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Saudis expand aid effort in Yemen

Items include rice, flour, sugar, salt, oil, beans and other foodstuffs, as well as blankets, tents, carpets

  • Relief aid being loaded onto a truck from a Saudi military aircraft in Marib, Yemen. Saudi Arabia has sent sImage Credit: AP
  • A young Yemeni boy living in a camp for people displaced by the war holds a box of aid from Saudi Arabia in Image Credit: AP
Gulf News

Marib, Yemen (AP) - Saudi Arabia has spent nearly a billion dollars in aid to Yemen and plans with its partners to spend another $1.5 billion.

Saudi relief officials stress their role has nothing to do with the ongoing military fight and say they also try to get their aid into Al Houthi-controlled territory as well.

“They are our neighbours,” said Abdullah Al Wadei, the assistant director of medical and environmental assistance at the King Salman Humanitarian Aid and Relief Centre. “They are human beings first.”

Associated Press journalists recently travelled into Yemen as part of a tour for foreign reporters organised by the Saudi-led coalition to highlight their relief efforts.

The Saudi-led coalition says it wants to increase importing capacity at the ports, but it is not clear if Al Houthis will cooperate. Saudi officials also accuse Al Houthi militants of diverting or stealing aid.

To speed relief, the Saudis have run some 20 aid flights with secondhand American C-130 military transport planes into Marib, about 115km east of Sanaa. The aid has included rice, flour, sugar, salt, oil, beans and other foodstuffs, as well as blankets, tents, carpets and other material for those in need, said Fahad Al Osemy, the director of urgent aid at the King Salman Humanitarian Aid and Relief Centre.

“There’s different people here because there’s more safety in Marib,” Al Osemy said. “You have people coming from Sana’a, Dhamar, and they need more than anyone” as they’ve been forced from their homes.

The Saudis also provide food for Al Houthi-controlled territory in unmarked boxes that get distributed by local partners, he said. From May 2015 until this January, the King Salman Humanitarian Aid and Relief Center says it has spent $854 million on aid to Yemen, much of it on health care and food. In January, the kingdom announced the coalition will give another $1.5 billion in new humanitarian aid funding for distribution across United Nations agencies and other relief organizations.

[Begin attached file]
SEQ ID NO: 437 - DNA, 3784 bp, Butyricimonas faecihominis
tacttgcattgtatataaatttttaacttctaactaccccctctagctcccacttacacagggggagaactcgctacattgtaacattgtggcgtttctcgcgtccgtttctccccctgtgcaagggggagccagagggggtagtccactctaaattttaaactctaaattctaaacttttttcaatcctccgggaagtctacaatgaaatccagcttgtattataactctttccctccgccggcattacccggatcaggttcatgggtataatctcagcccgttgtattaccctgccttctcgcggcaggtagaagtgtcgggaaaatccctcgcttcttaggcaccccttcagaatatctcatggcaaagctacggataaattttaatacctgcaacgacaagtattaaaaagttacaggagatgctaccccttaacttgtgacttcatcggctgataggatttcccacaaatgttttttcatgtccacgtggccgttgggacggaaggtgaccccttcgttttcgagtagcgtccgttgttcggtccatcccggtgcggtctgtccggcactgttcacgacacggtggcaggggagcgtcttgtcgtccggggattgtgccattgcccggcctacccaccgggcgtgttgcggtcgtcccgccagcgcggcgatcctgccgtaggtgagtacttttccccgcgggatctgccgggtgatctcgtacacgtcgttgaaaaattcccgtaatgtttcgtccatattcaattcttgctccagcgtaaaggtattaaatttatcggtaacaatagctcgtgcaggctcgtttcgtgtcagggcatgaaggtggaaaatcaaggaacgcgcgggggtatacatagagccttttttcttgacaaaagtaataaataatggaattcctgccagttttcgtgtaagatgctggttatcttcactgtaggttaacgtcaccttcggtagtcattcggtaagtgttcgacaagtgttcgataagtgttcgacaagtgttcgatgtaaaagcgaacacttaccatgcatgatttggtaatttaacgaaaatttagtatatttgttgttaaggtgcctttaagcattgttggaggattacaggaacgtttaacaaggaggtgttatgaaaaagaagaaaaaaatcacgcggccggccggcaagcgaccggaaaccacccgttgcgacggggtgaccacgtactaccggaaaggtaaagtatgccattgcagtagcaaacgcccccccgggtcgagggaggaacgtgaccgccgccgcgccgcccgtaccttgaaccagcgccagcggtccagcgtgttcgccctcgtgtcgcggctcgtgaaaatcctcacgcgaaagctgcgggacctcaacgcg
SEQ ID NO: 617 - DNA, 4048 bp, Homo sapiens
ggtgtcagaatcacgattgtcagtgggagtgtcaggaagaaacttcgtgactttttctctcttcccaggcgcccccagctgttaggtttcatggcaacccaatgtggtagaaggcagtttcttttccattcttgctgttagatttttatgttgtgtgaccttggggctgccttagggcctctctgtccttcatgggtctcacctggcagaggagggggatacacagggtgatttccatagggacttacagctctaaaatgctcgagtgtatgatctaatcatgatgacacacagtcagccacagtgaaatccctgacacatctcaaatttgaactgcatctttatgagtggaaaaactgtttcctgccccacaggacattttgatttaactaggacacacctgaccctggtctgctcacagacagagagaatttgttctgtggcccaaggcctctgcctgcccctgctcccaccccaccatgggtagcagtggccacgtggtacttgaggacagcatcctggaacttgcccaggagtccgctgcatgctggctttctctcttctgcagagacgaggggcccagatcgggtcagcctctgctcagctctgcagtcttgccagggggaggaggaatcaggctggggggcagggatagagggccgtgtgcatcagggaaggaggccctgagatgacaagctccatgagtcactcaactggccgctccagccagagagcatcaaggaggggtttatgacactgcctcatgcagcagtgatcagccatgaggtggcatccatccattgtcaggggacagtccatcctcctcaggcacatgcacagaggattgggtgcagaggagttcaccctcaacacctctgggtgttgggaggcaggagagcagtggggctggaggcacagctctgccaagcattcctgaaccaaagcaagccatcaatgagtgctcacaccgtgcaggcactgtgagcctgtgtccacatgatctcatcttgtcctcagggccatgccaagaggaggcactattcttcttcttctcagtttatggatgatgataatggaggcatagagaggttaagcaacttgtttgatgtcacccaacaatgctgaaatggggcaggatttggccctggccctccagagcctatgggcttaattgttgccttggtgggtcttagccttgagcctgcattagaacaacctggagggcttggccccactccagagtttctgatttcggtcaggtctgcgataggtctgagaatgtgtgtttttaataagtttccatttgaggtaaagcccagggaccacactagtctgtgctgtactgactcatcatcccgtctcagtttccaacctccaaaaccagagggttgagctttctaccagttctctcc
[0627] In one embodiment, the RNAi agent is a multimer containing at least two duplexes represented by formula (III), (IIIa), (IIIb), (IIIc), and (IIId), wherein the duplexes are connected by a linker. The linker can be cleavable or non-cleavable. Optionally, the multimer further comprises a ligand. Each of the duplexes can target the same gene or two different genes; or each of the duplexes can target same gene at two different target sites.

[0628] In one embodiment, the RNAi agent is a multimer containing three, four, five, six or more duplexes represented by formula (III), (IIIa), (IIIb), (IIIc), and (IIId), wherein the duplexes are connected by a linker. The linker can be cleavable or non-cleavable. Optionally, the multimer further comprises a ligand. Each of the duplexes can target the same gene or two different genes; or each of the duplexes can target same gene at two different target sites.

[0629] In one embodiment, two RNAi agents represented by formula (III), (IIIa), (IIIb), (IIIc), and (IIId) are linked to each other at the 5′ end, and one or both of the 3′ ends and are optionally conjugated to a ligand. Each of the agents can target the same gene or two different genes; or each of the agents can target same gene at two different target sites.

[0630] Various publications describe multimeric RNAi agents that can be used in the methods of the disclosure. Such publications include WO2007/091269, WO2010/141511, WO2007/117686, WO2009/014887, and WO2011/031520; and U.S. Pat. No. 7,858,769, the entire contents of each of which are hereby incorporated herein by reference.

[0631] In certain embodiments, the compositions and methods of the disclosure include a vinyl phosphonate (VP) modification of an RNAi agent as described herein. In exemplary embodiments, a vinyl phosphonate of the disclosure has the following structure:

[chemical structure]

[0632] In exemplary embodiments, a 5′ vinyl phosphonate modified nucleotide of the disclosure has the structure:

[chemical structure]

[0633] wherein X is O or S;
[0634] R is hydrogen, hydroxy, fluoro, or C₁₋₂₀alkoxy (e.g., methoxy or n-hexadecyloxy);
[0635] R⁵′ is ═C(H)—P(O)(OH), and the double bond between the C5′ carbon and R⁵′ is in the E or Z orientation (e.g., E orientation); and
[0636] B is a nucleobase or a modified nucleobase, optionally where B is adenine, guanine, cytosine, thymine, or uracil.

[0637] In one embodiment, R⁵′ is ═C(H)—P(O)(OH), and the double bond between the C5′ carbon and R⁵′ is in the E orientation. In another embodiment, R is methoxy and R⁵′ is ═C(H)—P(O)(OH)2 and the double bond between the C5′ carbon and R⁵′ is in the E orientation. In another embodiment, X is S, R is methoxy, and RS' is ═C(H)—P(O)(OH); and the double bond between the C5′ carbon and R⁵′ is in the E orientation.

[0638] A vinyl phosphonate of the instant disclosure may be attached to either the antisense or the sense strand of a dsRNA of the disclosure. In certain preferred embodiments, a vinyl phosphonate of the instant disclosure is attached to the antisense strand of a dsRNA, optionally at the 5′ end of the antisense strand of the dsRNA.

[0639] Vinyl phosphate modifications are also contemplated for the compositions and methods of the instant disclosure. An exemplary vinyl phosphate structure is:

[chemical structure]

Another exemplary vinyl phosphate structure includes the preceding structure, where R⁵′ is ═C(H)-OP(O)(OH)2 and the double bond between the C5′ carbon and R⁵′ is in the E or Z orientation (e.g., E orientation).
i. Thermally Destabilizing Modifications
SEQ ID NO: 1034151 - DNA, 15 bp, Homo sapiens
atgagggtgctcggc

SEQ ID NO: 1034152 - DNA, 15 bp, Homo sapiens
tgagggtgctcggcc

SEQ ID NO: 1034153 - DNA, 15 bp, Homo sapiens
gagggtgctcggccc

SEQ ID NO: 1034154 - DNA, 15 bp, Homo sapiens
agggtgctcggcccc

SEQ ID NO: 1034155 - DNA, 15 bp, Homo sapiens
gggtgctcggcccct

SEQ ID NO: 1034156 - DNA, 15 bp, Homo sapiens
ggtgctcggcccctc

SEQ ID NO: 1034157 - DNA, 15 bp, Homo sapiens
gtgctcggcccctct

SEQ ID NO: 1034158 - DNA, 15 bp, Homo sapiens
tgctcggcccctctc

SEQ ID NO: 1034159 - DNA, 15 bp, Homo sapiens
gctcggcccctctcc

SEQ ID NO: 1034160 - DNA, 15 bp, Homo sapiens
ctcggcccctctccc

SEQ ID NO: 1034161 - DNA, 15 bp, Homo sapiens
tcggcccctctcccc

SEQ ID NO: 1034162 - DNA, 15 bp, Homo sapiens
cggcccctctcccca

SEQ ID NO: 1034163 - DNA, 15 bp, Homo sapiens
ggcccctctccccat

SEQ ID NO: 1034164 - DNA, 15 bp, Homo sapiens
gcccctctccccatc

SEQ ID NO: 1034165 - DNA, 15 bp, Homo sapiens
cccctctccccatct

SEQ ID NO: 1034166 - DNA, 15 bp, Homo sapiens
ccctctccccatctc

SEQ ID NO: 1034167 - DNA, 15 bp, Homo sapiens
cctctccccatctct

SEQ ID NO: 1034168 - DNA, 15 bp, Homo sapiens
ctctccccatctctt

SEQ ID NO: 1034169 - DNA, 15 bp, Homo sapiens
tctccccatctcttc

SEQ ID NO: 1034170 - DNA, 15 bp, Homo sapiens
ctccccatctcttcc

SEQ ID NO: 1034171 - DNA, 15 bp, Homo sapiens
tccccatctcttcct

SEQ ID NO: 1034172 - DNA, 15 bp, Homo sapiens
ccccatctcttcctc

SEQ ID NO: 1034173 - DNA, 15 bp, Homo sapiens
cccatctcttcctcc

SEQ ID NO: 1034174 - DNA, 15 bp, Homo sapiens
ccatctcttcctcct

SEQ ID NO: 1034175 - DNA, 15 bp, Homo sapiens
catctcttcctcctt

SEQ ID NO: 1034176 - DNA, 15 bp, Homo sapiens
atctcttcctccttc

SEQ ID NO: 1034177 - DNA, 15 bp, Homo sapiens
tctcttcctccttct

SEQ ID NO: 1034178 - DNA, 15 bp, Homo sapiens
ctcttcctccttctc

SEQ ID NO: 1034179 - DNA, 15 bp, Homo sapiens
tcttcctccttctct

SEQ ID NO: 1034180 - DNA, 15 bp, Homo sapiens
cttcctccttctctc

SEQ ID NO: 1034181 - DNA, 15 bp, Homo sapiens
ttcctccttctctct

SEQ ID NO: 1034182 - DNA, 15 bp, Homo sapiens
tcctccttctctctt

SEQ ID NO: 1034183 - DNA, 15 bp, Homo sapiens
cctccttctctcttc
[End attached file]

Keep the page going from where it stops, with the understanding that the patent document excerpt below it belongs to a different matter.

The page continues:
Medical care for wounded soldiers backing the internationally recognized government and civilians also remains a priority, Saudi officials said. At a Saudi-funded hospital in Marib, workers make prosthetics for those who have lost limbs in the conflict, their patients evenly split between soldiers and civilians. “The injuries are to the women, the children, the old men and the military,” said Haida Ali Al Nasseri, a 26-year-old woman who works at the hospital’s prosthetic department. “Everyone is coming.”

Nearby, a 24-year-old soldier for Yemen’s government who gave his name as Hamas waited for a prosthetic for his left foot. He said he lost it to a Al Houthi land mine near Sana’a.

Asked about the conflict, he thought for a moment and said: “We don’t need this war, but they kicked us out of our home.”

Makeshift tent camps have sprung up throughout Marib, home to some of Yemen’s 2 million people displaced by the war. Some 112 “spontaneous settlements” are in Marib province alone, about 35 per cent of all those throughout Yemen, according to the UN refugee agency, UNHCR.

At one such camp, Yemeni men carrying Kalashnikov rifles, their traditional curved “janbiya” daggers tucked at their waist, greeted Saudi aid workers. Camp residents lined up for the aid, crowding around a desk where a relief worker kept track of the disbursements.

The sun soon set behind the western mountains that mark the war’s front line, bringing armed soldiers and militiamen to the side of visiting journalists.

“It’s not safe here,” they said, guiding the reporters away as night approached.

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